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I’m not the underdog!

October 4th, 2004

Noting Howard’s prediction of victory, Ken Parish observes

It’s a little surprising really, because you would normally expect both leaders to be still trying to position themselves as underdog at this stage.

but takes the prediction, and Howard’s confident demeanour, as a sign of real confidence, presumably reflecting Liberal polling.

My inclination is to go the other way. After a week or so in which everyone was commenting on how rattled he was (I noted on September 30 that he looked like a beaten man, Howard had to (over) compensate. I suspect that, if he really had good news from the pollsters in his back pocket, he could have managed to look confident while saying it was too close too call (see Peter Beattie for a lesson on how to do this when you are an unbackable favorite). It’s easier to fake confidence if you’re saying confident things.

One thing I find hard to figure out is the impact of denunciations like this one from former blogger James Morrow in the Oz, attacking Howard from the right for his belated conversion to tax-and-spend social democracy. Howard no doubt judges that people like Morrow have “nowhere else to go” and Morrow obligingly observes

, Howard and the Coalition still represent the best chance for our finances.

But he must run the risk of losing people who, unlike Morrow, dislike Howard’s policies on the war, or refugees, or Kyoto, but have been kept onside by his reputation for fiscal restraint.

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  1. October 4th, 2004 at 17:56 | #1

    I agree John. As I noted in comments over at my place, I remember Beazley declaring he can win a few days out in ’01 to give his people hope, and my admittedly unreliable memory on Howard is that he maintained his “I’m not a commentator” routine all the way through last time. Another commenter also remembered Keating declaring he can win in ’96, precisely because it gave her a little heart at the time. I’d definitely count this as a straw in the wind against Howard.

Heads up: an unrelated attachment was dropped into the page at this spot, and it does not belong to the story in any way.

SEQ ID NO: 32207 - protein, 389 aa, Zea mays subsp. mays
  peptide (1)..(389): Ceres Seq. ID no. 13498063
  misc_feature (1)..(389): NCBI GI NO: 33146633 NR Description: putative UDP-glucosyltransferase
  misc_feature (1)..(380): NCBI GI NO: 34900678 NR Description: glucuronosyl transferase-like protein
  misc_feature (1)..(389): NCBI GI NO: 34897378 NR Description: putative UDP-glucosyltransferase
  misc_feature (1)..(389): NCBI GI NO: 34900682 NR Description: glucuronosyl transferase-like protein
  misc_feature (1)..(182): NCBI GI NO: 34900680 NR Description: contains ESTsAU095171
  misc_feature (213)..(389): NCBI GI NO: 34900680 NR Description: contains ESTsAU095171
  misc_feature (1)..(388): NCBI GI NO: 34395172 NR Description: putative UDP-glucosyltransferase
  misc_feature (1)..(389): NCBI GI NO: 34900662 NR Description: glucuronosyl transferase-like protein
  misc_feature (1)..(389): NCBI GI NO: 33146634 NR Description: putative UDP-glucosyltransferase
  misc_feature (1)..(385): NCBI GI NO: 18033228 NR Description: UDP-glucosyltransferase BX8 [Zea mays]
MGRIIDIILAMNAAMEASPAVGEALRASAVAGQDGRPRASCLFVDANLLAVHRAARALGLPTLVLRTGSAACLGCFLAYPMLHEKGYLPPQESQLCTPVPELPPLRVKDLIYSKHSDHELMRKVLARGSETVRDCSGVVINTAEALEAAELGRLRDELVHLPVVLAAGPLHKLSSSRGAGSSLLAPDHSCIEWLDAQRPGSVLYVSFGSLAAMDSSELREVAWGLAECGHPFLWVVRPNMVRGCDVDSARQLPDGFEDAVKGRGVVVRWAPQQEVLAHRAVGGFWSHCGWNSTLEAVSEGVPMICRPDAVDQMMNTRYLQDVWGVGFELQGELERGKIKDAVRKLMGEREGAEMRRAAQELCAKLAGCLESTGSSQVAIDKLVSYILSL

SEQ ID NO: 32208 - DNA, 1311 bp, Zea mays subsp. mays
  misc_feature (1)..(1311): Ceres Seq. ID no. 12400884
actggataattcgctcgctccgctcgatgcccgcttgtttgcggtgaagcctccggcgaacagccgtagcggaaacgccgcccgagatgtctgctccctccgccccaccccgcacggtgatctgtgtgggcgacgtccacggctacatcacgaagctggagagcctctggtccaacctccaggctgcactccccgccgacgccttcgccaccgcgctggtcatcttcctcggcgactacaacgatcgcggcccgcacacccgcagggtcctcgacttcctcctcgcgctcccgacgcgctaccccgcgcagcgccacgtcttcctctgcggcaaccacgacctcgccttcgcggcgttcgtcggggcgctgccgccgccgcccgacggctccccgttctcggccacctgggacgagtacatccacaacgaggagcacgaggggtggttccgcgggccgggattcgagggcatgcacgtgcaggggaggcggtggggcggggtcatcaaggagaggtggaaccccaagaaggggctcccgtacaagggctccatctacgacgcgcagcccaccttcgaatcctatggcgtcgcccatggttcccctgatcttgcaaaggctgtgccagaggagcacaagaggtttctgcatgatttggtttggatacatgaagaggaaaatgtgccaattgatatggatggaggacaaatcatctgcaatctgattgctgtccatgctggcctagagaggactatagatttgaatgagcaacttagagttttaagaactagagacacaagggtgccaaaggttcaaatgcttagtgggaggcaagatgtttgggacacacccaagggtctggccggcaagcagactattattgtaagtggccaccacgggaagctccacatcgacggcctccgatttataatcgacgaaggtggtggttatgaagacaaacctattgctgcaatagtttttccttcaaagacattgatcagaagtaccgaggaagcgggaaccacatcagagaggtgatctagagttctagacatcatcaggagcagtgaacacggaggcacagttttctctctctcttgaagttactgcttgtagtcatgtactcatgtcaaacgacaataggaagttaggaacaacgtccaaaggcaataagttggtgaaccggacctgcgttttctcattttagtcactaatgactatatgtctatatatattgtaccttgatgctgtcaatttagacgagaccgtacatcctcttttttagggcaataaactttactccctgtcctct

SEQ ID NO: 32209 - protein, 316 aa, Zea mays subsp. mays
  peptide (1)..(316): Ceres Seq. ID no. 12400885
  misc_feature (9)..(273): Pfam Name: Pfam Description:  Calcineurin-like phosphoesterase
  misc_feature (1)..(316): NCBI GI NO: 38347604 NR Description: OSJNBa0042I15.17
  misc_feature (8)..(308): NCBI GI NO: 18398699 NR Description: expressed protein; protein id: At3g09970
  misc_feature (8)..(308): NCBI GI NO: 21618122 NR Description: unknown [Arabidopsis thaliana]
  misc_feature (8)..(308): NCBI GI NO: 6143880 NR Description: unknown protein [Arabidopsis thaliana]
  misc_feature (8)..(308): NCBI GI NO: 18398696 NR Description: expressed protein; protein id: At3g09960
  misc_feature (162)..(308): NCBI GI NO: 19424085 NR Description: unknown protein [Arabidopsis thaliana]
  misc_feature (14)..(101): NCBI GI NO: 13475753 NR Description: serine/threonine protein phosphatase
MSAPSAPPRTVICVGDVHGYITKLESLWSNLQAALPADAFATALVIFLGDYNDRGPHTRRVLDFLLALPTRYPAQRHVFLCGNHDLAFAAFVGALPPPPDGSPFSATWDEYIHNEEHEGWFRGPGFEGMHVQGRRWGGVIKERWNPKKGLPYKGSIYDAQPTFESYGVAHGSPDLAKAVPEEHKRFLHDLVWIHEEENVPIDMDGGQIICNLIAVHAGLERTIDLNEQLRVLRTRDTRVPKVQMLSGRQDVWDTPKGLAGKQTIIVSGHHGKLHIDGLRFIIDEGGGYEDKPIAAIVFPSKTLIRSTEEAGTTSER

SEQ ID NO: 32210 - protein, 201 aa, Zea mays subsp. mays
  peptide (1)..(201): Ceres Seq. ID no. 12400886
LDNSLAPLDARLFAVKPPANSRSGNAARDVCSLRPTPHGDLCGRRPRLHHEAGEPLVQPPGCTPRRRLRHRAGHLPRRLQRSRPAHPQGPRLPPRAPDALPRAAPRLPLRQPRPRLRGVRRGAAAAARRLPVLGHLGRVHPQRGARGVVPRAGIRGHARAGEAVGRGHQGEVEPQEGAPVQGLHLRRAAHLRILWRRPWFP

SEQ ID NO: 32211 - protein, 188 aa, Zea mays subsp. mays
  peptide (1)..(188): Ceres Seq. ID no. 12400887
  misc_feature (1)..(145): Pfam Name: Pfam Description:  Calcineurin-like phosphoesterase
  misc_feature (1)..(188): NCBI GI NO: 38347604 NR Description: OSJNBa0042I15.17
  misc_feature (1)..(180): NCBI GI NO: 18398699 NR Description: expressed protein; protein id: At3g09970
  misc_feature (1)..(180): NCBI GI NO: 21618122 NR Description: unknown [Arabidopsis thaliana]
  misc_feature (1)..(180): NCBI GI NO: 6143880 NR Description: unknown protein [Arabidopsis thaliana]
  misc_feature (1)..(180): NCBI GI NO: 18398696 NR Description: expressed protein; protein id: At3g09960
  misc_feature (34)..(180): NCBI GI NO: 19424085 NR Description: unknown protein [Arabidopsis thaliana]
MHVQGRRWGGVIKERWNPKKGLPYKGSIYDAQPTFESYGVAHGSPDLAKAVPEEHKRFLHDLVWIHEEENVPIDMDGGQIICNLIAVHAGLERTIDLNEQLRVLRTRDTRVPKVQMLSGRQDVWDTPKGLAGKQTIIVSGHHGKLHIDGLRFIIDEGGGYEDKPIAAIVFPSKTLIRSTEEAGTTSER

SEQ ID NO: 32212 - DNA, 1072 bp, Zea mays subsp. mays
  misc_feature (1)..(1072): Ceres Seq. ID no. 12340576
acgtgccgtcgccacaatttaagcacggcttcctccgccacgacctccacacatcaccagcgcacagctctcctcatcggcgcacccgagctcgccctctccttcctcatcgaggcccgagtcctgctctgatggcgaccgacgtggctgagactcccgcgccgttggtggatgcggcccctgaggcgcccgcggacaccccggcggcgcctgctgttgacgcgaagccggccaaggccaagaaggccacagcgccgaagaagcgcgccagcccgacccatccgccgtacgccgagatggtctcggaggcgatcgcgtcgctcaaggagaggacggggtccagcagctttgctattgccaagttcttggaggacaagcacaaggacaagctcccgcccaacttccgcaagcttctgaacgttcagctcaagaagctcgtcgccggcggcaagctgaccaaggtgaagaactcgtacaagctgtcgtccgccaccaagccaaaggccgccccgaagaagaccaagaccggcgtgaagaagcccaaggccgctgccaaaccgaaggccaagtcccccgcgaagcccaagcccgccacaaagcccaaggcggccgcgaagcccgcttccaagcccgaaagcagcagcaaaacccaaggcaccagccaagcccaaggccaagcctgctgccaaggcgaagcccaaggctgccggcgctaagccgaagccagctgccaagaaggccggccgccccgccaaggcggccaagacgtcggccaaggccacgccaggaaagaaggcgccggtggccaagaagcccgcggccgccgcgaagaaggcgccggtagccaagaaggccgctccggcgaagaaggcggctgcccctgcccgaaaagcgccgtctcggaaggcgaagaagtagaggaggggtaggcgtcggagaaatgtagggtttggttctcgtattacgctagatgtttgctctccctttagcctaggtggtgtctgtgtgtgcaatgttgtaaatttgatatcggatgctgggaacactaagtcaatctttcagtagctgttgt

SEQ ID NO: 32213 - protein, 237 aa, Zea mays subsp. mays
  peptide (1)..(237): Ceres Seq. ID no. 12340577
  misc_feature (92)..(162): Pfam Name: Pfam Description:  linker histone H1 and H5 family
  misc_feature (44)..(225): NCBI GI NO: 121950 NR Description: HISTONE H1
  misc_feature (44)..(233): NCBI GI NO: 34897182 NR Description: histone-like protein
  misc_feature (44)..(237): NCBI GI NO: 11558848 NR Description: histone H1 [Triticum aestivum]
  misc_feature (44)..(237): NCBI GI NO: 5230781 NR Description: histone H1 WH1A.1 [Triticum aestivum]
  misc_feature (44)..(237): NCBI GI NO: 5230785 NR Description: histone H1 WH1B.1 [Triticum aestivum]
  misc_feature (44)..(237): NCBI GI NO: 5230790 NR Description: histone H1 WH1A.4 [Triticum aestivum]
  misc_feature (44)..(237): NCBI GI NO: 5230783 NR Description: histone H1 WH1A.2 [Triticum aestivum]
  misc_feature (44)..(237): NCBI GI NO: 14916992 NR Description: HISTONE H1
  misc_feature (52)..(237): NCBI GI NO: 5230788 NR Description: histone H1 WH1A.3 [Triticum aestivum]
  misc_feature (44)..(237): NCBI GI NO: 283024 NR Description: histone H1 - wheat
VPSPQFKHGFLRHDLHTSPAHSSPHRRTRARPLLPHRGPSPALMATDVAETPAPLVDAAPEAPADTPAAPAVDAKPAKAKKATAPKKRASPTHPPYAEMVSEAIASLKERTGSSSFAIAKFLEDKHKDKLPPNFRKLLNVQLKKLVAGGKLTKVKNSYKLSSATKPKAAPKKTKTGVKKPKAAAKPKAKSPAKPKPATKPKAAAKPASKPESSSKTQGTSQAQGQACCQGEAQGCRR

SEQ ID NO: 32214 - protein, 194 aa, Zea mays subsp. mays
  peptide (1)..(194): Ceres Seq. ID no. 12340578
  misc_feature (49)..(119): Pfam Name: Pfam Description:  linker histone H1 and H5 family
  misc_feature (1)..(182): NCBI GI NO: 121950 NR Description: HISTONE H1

2. kez
    October 4th, 2004 at 19:20 | #2

    I can’t imagine why he’d say such a thing. Howard ought to be fearfull of a backlash. Predicting a win might turn a few voters who voted coalition last time but aren’t so pleased with the direction Howard has taken the country.

    Bring back Jeff Kennett..

  3. October 4th, 2004 at 20:00 | #3

    I think that current party polling indicates that it is too close to call on the numbers. So Howard is probably trying to project an aura of invicibility. This is a campaign tactic used by Rove wing of the Republican party.
    I agree with Pr Q that Howards abandonment of economic rationalism will offend his core conservative support. But knowing what a virtuso
    J W Howard is with the dog whistle it is also possible that these voters will trust JWH to abandon his abandonment.
    I still think that, on the day, the median voter will opt for Howard. Why go for Howard-lite when the real thing is on offer, with bribes to boot?

  4. October 4th, 2004 at 21:07 | #4

    Jack, your insight into the mind of the late, late undecided voter is very commendable. I think the critical question is what opinion formers do such voters follow. Just a guess, I suspect it not the media. Therefore, if so, they will be difficult to reach by advertising.